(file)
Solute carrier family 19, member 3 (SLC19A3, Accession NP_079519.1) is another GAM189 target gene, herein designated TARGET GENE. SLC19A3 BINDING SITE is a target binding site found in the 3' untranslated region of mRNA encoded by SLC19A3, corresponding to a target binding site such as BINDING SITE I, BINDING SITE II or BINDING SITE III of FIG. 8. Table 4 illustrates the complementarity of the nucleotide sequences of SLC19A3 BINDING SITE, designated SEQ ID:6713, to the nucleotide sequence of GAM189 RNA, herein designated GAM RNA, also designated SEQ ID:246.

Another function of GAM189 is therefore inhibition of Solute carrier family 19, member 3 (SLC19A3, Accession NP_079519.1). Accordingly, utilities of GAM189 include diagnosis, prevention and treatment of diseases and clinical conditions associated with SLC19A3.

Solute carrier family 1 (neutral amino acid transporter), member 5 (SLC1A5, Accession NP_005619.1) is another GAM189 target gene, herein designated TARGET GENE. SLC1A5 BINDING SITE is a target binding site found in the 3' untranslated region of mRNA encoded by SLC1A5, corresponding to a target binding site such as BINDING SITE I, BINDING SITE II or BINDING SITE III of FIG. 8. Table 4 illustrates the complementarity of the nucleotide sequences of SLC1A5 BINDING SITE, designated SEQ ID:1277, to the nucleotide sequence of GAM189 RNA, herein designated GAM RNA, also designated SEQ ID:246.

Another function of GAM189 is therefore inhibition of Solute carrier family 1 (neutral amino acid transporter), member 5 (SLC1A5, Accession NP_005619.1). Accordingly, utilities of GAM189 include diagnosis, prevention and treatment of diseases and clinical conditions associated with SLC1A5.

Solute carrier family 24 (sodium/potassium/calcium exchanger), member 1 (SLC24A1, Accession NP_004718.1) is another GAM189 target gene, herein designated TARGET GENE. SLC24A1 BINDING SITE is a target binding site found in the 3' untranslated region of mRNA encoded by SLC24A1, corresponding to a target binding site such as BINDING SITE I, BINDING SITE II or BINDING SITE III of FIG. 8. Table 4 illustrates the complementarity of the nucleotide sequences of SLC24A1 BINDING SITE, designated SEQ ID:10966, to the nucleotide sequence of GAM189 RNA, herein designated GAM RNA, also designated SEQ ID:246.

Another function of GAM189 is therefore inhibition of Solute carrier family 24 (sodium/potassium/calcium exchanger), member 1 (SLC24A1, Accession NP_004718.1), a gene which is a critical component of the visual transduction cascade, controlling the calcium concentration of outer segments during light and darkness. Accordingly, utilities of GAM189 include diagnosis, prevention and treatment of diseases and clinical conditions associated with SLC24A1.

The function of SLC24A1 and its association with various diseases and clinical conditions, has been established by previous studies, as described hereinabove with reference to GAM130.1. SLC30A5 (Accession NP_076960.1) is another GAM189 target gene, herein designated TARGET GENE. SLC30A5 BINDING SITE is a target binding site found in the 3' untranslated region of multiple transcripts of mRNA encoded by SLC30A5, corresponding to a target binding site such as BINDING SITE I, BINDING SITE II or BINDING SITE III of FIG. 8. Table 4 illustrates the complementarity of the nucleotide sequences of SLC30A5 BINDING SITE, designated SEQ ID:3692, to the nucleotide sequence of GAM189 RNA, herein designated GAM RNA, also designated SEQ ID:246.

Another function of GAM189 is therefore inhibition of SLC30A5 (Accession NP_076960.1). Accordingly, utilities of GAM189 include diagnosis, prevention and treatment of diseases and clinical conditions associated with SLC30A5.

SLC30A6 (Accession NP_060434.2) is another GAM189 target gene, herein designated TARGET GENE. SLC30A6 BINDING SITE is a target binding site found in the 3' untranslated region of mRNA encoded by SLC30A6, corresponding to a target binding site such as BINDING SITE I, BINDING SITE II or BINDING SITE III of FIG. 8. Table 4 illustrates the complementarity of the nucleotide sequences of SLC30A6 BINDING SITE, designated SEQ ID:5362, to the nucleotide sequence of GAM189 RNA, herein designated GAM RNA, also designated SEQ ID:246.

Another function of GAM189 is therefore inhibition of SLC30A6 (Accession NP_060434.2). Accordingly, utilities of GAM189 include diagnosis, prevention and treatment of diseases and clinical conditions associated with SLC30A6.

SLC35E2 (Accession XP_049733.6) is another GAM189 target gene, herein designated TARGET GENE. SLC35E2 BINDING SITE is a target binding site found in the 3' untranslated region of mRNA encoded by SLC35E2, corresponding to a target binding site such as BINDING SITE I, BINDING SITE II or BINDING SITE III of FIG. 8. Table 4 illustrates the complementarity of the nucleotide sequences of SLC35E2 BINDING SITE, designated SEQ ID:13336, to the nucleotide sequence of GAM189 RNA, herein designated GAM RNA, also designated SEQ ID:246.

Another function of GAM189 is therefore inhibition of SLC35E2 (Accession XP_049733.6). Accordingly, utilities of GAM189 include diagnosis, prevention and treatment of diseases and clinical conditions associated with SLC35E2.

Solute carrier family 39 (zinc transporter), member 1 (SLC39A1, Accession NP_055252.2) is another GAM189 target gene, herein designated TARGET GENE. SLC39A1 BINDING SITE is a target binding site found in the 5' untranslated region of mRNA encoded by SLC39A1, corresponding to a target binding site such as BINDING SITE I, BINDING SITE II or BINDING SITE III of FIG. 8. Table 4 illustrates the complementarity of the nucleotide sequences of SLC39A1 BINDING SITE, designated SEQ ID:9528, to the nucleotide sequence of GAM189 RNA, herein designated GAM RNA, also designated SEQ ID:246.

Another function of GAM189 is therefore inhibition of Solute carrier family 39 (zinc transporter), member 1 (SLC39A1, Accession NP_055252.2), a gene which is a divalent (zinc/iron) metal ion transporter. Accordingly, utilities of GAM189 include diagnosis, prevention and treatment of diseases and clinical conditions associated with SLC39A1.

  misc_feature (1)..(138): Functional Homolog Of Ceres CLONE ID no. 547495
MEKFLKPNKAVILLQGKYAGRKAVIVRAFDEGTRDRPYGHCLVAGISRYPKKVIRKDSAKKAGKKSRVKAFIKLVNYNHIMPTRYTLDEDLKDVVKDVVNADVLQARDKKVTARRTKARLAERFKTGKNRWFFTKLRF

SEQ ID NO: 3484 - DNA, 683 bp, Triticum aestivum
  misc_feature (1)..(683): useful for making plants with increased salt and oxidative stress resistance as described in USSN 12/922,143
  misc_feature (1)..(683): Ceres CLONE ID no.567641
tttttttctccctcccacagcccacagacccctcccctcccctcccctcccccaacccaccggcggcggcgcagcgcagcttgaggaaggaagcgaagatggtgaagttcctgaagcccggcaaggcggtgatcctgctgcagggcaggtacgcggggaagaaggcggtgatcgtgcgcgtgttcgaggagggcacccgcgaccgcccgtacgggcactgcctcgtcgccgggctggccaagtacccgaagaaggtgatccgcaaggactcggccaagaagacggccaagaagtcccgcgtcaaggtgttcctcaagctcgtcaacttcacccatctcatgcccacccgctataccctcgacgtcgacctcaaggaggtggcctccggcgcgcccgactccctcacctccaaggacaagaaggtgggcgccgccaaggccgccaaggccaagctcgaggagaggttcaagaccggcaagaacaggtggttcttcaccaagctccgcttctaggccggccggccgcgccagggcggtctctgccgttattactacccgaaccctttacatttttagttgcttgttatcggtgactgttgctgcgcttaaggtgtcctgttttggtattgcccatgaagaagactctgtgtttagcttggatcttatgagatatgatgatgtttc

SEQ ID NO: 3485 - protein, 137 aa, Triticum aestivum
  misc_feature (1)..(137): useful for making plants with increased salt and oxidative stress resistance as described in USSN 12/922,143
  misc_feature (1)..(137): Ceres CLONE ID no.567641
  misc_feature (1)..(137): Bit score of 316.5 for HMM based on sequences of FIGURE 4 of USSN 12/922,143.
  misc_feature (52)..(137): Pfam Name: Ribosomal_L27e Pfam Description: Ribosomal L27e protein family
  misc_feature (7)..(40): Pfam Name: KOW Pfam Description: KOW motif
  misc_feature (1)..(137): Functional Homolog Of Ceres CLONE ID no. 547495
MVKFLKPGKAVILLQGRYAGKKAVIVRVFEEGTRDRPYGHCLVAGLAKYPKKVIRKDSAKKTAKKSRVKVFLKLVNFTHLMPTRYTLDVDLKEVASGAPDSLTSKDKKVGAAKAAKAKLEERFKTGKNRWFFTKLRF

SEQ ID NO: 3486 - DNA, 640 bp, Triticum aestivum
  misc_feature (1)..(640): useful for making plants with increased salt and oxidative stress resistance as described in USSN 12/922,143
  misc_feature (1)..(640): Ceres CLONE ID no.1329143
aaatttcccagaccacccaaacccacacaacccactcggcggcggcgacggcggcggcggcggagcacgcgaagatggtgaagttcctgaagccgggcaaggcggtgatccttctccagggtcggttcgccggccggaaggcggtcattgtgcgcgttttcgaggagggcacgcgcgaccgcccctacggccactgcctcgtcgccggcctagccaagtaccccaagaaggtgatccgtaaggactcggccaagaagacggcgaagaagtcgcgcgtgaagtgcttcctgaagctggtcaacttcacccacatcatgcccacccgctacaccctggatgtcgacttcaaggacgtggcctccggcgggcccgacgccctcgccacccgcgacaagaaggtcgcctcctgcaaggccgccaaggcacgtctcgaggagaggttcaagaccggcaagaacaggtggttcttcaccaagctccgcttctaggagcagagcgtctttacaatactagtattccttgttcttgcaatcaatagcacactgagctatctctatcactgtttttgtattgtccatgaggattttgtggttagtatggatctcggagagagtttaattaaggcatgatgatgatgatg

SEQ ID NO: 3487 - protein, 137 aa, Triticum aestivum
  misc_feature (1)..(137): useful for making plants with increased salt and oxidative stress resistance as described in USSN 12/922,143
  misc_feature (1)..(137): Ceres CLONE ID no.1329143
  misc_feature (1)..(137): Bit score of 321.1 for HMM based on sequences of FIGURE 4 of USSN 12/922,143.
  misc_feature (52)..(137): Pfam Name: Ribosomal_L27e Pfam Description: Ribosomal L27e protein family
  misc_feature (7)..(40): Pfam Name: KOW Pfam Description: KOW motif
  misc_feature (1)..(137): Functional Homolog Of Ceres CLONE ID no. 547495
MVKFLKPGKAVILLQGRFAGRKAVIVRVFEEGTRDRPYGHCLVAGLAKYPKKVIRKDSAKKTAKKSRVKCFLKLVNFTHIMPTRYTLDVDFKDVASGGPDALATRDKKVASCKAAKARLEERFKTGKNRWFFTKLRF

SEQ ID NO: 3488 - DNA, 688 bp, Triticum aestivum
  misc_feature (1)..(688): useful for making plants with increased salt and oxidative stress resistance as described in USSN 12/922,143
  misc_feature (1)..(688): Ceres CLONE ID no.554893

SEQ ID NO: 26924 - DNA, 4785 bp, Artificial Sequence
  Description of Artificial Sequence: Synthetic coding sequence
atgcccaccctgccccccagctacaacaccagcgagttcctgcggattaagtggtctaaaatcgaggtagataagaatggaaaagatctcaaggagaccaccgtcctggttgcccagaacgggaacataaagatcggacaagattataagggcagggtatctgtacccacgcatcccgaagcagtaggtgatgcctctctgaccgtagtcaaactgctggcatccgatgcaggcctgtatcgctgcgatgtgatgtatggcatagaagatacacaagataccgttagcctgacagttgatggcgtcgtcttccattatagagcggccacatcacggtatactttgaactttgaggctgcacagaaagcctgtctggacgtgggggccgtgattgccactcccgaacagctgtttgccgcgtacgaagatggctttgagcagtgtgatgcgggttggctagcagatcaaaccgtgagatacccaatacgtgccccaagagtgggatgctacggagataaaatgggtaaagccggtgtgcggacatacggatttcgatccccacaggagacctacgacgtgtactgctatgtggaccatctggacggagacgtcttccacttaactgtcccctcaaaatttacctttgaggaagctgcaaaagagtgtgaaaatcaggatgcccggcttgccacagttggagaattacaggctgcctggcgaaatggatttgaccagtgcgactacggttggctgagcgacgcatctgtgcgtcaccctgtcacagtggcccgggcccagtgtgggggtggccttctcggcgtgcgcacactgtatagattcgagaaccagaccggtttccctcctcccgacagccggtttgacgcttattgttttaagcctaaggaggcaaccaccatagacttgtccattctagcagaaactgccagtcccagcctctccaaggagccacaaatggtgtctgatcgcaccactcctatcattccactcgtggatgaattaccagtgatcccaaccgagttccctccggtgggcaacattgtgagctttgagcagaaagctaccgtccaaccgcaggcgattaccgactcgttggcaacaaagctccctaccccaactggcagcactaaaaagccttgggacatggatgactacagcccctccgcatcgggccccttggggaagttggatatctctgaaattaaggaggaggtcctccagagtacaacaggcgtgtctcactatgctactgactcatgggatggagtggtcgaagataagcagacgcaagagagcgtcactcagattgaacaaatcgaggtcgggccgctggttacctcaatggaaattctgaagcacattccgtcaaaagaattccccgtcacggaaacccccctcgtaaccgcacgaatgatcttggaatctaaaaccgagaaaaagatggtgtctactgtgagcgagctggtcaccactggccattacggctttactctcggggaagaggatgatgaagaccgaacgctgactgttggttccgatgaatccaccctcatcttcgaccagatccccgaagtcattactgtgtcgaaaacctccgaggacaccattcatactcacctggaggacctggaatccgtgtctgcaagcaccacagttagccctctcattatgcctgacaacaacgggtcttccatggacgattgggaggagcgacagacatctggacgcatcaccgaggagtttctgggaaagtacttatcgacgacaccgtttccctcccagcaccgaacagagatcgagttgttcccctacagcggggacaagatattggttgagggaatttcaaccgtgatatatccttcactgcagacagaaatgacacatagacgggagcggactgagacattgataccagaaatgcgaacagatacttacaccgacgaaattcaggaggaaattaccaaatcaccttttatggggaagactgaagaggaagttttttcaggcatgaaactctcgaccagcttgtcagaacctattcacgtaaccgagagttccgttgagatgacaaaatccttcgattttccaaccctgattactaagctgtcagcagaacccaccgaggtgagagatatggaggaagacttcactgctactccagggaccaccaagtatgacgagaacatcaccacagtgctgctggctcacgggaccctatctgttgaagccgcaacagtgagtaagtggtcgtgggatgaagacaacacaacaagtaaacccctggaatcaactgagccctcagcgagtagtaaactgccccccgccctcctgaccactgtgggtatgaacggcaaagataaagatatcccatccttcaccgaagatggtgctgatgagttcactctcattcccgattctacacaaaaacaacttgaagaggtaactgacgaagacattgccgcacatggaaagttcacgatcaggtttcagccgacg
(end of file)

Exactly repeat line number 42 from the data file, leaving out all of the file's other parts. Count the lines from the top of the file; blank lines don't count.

  misc_feature (1)..(688): useful for making plants with increased salt and oxidative stress resistance as described in USSN 12/922,143